The flip, "Number One Guy", is firmly devoid of anything psychedelic and is a total uptempo brass backed, Motown influenced soul groover and after a resurgence on the dreaded Northern Soul scene found it's place (rightfully so) on multiple British 60's soul/Northern soul compilations over the past 30 plus years!

Both sides can be found on Sequel's now out of print anthology of the band's Pye material "Can't Break The Habit". On the compilation side of things "Can't Break The Habit" was comped by Psychic Circle for their "We Can Fly" CD while "Number One Guy" recently appeared on several Northern soul collections, among them "Keeping the Faith: 30 Stomping Northern Soul Classics" and "Northern Soul (Backdrops, Highkicks And Handclaps)".

Hear "I Can't Break The Habit":

https://youtu.be/banmK7439fA

Hear "Number One Guy":

https://youtu.be/gIcQL9REU0k

Tuesday, January 30, 2018

January's Picks



















1. THE KELLY BROTHERS-"Crystal Blue Persuasion"
One of my favorite Kelly Brothers tracks is this soulful 1969 interpretation of the Tommy James & The Shondells hit on the Excello label, and probably is one of their toughest to find. Their smooth vocals and the stellar backing get me every time.

https://youtu.be/OJVbUs3YenI

2. DAVID BOWIE-"Big Brother"
Reading the excellent book "David Bowie: A Life" has set me on a path to rediscovering Bowie. The problem with owning so much music is that you tend to overlook stuff that's right in front of you while fawning over some 45 you've just scored. Somewhere in the political chaos that is the United States right now this number, more so than ever, makes perfect sense.

https://youtu.be/555jxltr9Zo














3. THE ROLLING STONES-"Citadel"
The new Stereo/Mono mixes of "Their Satanic Majesties Request" LP have unearthed a wealth previously unnoticed musical bits. On "Citadel" Brian's mandolin setting on the Mellotron come out crisper as does the striking anvil, Wyman's fuzz bass and Brian's saxophone bits at the fade out make them sound like Traffic or even Gong.  Mindblowing, man.

https://youtu.be/GxBuoDKRwgs

4. GIL SCOTT-HERON-"The Revolution Will Not Be Televised"
"You will not be able to stay home brother, you will not be able to turn on, plug in and cop out. You will not be able to lose yourself on skag and skip out for beer during commercials because the revolution will not be televised..."

https://youtu.be/QnJFhuOWgXg



















5. THE SWINGERS-Counting The Beat"
With it's catchy beat nicked from The Pretty Things "Come See Me", this 1981 new wavey power pop ditty by New Zealand's Swingers is certain to be a foot tapper.

https://youtu.be/p72Z1D1oKbw

6. THE LPT'S-"Mo' Soul"
This one's a heavy instro driven by some groovy organ and a sharp as a stiletto, hard cracking snare beat. Released on the obscure Mary Jane label in 1966 released on the flip of the equally cool, but not as good "Long Cool Summer".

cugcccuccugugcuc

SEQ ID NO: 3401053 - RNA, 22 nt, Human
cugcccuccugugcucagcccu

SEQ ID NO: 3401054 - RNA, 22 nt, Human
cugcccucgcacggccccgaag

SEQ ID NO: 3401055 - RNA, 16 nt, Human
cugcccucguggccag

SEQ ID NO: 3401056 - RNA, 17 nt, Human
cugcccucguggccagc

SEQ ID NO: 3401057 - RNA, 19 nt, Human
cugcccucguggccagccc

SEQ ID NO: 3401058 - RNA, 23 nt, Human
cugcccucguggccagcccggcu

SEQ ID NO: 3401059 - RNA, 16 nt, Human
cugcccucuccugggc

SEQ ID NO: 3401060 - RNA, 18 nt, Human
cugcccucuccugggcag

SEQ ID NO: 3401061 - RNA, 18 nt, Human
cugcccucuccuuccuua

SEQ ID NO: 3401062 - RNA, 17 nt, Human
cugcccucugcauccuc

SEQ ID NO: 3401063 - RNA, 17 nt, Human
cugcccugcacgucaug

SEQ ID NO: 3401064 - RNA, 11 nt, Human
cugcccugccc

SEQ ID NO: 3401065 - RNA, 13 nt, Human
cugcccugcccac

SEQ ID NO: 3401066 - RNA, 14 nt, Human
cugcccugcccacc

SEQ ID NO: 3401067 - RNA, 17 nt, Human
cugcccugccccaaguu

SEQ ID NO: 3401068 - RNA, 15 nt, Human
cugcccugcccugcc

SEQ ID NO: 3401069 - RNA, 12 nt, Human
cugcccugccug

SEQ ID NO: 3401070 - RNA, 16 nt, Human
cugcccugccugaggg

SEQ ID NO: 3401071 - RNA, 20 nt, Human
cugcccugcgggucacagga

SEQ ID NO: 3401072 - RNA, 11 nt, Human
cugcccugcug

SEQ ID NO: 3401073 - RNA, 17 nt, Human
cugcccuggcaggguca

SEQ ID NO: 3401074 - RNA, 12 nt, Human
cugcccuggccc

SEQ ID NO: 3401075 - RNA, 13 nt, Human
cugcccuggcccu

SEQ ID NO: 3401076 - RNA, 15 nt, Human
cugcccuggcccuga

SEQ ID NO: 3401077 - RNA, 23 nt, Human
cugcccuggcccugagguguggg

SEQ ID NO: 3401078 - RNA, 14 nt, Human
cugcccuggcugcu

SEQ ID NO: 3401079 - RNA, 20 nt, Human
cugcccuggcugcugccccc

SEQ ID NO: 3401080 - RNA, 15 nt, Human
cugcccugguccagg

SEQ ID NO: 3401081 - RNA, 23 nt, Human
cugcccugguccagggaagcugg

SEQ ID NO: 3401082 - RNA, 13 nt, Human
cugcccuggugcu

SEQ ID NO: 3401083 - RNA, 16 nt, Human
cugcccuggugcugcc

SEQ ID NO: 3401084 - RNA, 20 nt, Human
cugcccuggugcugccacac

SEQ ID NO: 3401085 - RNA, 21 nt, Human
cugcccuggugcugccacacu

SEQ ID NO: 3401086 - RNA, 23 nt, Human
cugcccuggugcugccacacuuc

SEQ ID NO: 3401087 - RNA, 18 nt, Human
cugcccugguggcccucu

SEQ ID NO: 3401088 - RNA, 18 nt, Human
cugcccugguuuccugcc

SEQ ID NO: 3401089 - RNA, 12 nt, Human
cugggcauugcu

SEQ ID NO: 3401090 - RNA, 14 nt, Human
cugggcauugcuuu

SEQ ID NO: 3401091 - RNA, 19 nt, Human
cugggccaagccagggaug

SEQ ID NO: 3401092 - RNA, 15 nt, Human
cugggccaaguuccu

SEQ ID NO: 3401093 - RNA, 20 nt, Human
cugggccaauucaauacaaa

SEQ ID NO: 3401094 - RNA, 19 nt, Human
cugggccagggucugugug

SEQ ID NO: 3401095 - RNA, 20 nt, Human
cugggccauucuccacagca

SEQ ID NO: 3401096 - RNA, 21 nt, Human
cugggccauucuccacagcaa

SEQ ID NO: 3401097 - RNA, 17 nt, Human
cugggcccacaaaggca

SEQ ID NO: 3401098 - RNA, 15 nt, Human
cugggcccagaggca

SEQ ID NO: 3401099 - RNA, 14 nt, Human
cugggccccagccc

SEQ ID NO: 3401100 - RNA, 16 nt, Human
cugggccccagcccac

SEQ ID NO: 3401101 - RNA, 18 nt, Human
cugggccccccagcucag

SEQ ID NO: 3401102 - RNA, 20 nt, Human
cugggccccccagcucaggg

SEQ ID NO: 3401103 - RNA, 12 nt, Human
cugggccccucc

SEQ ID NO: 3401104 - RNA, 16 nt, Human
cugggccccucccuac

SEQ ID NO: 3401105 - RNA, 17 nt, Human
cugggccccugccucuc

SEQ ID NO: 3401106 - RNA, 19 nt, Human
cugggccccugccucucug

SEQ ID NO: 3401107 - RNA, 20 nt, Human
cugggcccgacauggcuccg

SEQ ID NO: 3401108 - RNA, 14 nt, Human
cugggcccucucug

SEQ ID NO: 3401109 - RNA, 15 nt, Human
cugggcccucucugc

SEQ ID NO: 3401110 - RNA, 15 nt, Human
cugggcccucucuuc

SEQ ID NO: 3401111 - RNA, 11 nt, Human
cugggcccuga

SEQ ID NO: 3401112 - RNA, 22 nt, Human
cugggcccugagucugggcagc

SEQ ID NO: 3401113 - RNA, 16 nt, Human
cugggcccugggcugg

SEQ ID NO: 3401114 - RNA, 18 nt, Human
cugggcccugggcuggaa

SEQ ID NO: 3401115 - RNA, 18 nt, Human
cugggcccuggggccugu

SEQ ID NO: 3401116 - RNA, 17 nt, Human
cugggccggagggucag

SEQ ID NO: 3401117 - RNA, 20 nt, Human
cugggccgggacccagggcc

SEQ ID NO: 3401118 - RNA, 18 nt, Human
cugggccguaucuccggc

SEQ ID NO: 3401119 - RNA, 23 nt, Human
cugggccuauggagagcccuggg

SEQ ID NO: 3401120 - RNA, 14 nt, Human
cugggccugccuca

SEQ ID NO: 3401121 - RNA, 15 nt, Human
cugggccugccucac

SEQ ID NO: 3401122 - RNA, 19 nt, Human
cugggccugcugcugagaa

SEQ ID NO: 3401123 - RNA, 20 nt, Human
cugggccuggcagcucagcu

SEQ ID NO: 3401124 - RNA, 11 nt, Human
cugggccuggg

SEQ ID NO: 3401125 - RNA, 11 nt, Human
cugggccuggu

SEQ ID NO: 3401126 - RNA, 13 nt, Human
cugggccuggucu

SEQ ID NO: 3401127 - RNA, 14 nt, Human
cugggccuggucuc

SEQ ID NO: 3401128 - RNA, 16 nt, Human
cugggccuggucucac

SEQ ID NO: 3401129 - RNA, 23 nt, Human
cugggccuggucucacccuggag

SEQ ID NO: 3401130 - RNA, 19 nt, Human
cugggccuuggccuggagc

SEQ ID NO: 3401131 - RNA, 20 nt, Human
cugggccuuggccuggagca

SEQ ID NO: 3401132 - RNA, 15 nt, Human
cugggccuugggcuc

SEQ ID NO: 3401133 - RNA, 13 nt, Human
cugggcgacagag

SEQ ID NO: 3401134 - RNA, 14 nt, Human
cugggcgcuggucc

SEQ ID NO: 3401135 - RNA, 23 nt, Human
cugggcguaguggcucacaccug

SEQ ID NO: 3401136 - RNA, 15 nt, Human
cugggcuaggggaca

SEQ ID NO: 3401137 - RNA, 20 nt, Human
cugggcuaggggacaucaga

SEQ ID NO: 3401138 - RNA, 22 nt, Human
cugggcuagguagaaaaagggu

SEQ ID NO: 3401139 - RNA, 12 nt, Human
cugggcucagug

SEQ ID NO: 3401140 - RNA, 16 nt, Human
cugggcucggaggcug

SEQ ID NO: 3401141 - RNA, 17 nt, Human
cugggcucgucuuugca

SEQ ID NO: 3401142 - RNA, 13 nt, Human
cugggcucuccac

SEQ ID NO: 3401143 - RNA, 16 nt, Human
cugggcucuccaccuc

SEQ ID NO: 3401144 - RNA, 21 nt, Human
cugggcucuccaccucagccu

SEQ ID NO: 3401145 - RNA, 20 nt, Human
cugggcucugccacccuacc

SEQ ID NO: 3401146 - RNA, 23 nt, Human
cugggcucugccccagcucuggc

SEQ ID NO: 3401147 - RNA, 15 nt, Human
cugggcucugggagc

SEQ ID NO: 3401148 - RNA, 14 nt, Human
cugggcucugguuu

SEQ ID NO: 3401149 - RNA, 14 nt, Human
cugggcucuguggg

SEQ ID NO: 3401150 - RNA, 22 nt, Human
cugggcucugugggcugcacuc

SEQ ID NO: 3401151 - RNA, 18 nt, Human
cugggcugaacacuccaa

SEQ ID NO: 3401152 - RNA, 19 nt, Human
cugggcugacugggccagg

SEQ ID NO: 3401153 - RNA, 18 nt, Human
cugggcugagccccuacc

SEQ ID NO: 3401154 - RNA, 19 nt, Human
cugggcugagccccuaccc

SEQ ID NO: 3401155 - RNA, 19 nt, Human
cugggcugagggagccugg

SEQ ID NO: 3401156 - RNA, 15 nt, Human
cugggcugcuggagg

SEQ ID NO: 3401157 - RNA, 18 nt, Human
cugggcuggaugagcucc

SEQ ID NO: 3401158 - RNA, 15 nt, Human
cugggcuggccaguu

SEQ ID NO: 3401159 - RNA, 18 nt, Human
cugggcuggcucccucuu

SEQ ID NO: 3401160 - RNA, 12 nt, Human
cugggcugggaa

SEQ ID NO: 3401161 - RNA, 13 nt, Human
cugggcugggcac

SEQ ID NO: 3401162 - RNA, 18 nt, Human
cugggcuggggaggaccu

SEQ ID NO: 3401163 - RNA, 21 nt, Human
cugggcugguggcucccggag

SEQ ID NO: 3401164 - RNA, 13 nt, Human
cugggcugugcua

https://youtu.be/TTd9OsdBz-A

7. THE THREE O'CLOCK-"And So We Run"
"And So We Run" was an anthem of sorts for me as I was about to graduate high school and watched my small minded, small town disappear in my rear view mirror as I fled to New York City every weekend to meet like minded individuals.

https://youtu.be/CXeBZju3SI8

8. COUNT MACHUKI & THE DESTROYERS-"Movements (The Joe Gibbs Way)"
I am a stone cold sucker for any reggae instrumentals that lean heavy on the organ so when I stumbled on this rare one I was immediately floored!

https://youtu.be/cmoTQfW7BpA

9. NILSSON-"Jump Into The Fire"
Driven by Herbie Flowers ace of bass groovy low end notes, Nilsson's coolest number ever will have you looking for helicopters. I always imagined Joe Jackson doing a decent version of it before he lost the plot and wanted to be Cab Calloway which leads us to....

https://youtu.be/CfjNpgZ4C5Q

10. JOE JACKSON-"Mad At You"
Driven by Graham Maby's hard driving basslines maybe Joe Jackson didn't need to cover "Jump Into The Fire" but instead re-wrote it as "Mad At You" with it's insane freaky little echoing keyboard flashes and Jackson's amphetamine shrieking.

Thursday, January 25, 2018

More U.K. Obscurities On U.S. Labels: The State Of Micky And Tommy

THE STATE OF MICKY & TOMMY-With Love From 1:00 To 5:00/Sunday's Leaving US Mercury 72712 1967

















Long before he was in Spooky Tooth or Foreigner Mick Jones was one half of a British pop psych duo with Tommy Brown under the moniker of the State Of Micky And Tommy. Jones had previously served as a guitarist in French musician Ronnie Bird's backing band. The band issued a slim discography with just two singles in their home country and two in the US but two 7" E.P.'s and two 45's in France where they were clearly more popular.

"With Love From 1:00 To 5:00" was issued in the US in August 1967, the same time it was issued in the UK as Mercury MF 996. The British issue contains a different B-side, "I Know What I Would Do".

"With Love From 1:00 To 5:00" (written by Jones and Brown)  is a slice of archetype '67 British psych pop with it's driving/brash Who-like backing track and then  layers of strings infectious pop hooks (and prerequisite chiming church bells). It had all the makings of a Summer of  '67 smash but alas it was not to be. Regardless of it's commercial success or lack thereof it's an amazing track.

















The flip "Sunday's Leaving", though not as good as the UK flip is not a bad track per se, just not terribly strong.  It's a mid tempo pop tune held together by some churchy Hammond and flourishes of sitar, nothing flashy or catchy like the brilliant A-side but not at all un-listenable either. It all ends abruptly like someone pulled the plug as the number grinds to a slow halt.